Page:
The Kaito Voyager is a wind-up, crank radio capable of operation in three different radio modes—AM/FM, NOAA and shortwave. It will also light up your work area thanks to the three incorporated flashlights, which are great for camping or power outages. A downside would be size and weight of course, but given the features, I think the tradeoff is worthwhile.
I am willing to trade size for features on occasion and when it makes sense. The Voyager features extremely efficient charging technologies that make sense. For instance, you can play the radio for about 20 minutes after charging the radio for about a minute using the crank handle. This is one of those mileage may vary statements, because signal strength, solar assistance and volume would all effect the charge, but you get the idea. However, the ability to charge it and walk away for a period of time while listening is handy.
The Voyager is more than a one-trick pony though and can be operated or charged via the AC adapter, built-in rechargeable batteries, solar panel or USB port. And speaking of solar panels, the Voyager’s panel can easily be articulated. This keeps the sun squarely on the panel for maximum collection while keeping the speaker pointed in the direction you prefer.
For a weekend outing or in an emergency, the Kaito Voyager allows you to tune in AM/FM stations, all seven NOAA stations or shortwave frequencies. All three of these options can be critical in a survival situation of course.
There are also three lighting options. The first two are to be expected: a reading light and flashlight. The third is an emergency alert bulb. While at first I thought of the hearing impaired, it can also be beneficial in an emergency to keep the volume at a minimum, but alert you when you need to grab the included headphones or turn up the volume. This would not only increase the run time on a charge… I am sure your mind is spinning (like mine) about the tactical advantages.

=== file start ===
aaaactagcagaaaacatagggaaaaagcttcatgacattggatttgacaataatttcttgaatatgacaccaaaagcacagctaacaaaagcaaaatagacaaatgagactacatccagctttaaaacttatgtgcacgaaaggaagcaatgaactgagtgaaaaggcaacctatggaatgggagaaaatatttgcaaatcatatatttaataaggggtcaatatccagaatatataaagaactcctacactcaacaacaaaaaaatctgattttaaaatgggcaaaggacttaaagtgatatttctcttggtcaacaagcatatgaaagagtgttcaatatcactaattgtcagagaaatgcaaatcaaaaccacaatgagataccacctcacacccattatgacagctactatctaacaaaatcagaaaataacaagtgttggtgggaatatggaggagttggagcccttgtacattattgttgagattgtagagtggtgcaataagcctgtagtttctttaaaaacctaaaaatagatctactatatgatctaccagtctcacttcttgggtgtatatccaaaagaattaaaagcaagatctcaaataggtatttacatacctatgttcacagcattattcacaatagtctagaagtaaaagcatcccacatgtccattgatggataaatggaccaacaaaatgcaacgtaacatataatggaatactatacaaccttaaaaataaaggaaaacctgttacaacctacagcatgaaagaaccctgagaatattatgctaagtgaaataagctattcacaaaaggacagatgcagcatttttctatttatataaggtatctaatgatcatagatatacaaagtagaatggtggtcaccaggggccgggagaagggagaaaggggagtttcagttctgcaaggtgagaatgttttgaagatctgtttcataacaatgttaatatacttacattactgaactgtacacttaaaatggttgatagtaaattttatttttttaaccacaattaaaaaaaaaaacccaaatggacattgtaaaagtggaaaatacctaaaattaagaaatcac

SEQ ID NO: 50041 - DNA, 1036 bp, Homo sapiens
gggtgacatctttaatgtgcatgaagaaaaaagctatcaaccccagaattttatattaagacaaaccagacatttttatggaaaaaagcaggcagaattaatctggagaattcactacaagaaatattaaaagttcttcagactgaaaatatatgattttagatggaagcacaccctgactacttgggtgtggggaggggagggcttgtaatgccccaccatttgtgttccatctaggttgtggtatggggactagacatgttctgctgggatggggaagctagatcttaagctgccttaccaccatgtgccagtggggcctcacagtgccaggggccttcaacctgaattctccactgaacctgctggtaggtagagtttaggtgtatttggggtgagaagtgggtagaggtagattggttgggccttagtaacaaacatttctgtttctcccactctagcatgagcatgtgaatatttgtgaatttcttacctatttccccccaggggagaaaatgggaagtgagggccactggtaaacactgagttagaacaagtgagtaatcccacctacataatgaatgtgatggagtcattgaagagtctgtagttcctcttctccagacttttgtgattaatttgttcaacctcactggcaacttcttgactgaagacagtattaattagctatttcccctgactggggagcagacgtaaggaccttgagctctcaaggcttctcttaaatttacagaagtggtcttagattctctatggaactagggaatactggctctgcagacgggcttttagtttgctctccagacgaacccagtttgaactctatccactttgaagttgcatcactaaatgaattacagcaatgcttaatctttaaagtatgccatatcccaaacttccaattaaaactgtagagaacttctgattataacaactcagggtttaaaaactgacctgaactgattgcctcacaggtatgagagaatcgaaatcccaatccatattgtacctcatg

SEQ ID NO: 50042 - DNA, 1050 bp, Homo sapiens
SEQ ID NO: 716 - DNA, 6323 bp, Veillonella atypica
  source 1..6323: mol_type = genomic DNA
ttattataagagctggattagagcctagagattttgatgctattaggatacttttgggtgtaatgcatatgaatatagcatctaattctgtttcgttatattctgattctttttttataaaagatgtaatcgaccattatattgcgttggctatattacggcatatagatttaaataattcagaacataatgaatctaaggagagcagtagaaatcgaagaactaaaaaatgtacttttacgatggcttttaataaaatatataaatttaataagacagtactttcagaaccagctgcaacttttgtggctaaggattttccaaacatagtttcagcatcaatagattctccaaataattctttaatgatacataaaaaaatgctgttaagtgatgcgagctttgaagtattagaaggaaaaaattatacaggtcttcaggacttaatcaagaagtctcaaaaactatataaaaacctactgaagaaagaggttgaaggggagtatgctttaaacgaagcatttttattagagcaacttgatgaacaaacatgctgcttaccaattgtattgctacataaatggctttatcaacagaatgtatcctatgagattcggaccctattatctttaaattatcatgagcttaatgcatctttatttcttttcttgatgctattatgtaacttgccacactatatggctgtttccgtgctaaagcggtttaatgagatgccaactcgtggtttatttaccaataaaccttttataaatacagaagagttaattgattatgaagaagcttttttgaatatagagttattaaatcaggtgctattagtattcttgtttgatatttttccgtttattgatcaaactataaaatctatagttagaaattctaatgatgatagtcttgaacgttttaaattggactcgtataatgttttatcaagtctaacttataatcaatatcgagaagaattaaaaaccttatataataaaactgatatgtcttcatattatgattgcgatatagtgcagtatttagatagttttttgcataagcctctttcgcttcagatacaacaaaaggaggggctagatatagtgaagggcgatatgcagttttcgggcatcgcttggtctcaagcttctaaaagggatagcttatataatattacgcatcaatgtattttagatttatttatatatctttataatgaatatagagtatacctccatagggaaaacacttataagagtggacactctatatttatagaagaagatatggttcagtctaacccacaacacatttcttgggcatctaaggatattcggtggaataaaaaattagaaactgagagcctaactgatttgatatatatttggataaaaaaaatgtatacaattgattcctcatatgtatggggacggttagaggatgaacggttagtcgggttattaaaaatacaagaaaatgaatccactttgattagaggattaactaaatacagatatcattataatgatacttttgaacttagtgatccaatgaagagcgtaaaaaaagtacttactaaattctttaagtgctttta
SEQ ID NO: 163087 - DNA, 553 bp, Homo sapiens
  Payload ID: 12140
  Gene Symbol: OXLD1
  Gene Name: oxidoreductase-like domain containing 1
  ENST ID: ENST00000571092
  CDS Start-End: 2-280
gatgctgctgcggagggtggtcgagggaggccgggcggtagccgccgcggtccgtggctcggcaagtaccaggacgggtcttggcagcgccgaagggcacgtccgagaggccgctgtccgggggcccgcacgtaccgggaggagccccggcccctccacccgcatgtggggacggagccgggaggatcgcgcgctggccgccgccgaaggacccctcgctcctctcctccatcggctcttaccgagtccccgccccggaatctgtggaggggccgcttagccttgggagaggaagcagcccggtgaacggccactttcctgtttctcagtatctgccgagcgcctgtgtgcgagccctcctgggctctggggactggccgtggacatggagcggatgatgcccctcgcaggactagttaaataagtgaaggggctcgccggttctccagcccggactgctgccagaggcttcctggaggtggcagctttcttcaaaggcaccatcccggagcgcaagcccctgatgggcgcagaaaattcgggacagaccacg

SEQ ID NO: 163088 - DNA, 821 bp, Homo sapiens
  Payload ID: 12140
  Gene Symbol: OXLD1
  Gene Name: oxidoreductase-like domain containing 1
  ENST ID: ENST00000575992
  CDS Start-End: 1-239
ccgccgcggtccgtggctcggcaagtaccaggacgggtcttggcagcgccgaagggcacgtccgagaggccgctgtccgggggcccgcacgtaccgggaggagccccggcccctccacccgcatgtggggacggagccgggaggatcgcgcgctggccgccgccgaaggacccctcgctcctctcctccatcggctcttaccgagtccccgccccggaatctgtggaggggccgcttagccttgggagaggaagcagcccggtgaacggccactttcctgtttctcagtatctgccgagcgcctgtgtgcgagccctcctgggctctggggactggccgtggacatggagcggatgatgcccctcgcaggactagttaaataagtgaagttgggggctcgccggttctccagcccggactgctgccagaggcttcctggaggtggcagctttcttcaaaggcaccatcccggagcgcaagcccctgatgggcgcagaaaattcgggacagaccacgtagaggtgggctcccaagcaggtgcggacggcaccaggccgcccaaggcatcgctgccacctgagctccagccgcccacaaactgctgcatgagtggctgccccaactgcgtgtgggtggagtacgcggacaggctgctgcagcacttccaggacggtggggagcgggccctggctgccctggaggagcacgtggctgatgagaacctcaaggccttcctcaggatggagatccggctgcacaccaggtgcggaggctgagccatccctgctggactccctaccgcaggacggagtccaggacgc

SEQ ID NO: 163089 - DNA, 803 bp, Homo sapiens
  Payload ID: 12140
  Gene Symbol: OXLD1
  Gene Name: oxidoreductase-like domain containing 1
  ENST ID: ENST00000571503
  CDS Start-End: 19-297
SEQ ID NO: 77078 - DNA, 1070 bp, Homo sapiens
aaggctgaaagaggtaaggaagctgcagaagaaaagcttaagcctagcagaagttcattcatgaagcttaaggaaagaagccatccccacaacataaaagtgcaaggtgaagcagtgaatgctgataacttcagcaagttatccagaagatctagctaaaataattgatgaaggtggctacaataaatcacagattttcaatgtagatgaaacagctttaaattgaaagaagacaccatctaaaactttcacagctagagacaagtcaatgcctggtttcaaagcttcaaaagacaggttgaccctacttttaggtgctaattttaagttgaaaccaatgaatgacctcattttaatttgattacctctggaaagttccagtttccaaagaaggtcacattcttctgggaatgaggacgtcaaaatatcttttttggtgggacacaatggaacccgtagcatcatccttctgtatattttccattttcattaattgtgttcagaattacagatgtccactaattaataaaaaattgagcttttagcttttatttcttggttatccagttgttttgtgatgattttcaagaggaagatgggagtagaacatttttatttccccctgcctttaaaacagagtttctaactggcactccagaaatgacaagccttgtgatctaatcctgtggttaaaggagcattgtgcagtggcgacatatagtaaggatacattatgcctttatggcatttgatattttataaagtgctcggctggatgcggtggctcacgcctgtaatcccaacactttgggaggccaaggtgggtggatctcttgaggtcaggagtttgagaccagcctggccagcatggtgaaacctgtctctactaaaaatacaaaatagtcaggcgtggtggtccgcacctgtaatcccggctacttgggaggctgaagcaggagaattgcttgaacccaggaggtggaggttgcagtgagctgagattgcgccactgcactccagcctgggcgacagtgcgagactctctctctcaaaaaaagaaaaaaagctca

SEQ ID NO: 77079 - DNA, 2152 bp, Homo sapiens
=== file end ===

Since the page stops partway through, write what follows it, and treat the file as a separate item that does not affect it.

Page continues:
The various power options also mean you can use the Kaito Voyager to charge your other devices via the USB port. The Voyager comes standard with a cable that has a variety of connection tips for various phone/device models. The user manual also gives detailed instructions about which devices the radio can charge.
The Voyager comes with some downsides and waterproofing is certainly one of them. I opted for a waterproof MTM .50 Cal container. It is big enough to hold the radio and a couple of other necessities.
Specifications and Features
- Kaito Dynamo and solar-powered radio
- Includes high quality AC brushless generator
- Tilting solar panel
- Solar panel powers radio and charges built-in batteries
- 5 LED reading lamp
- Multi function LED flashlight
- Side mounted white and red LED light for white light or signaling
- USB jack charges iPod and cell phones
- Six cell phone tips
- Seven band weather radio
- Weather alert feature
Five Power Sources
- Dyanmo cranking power: 120 turn-per-minute cranking will power the built-in NiMH battery pack
- Solar panel power
- Three AA batteries
- Built in rechargeable battery pack
- Charge from a computer via USB port
- 5 LED reading lamp for camping and emergency use
- White LED flashlight
- Red LED blinking for emergency alert
- AM: 520-1717 KHz
- FM: 88.00-108.00 MHz
- SW1: 3.20-9.00 KHz
- SW2: 9.00-22.00 KHz
- Weather band, seven standard bands for all stations
- PLL crystal control circuit for stable reception
- Weather alert is activated by weather alert signals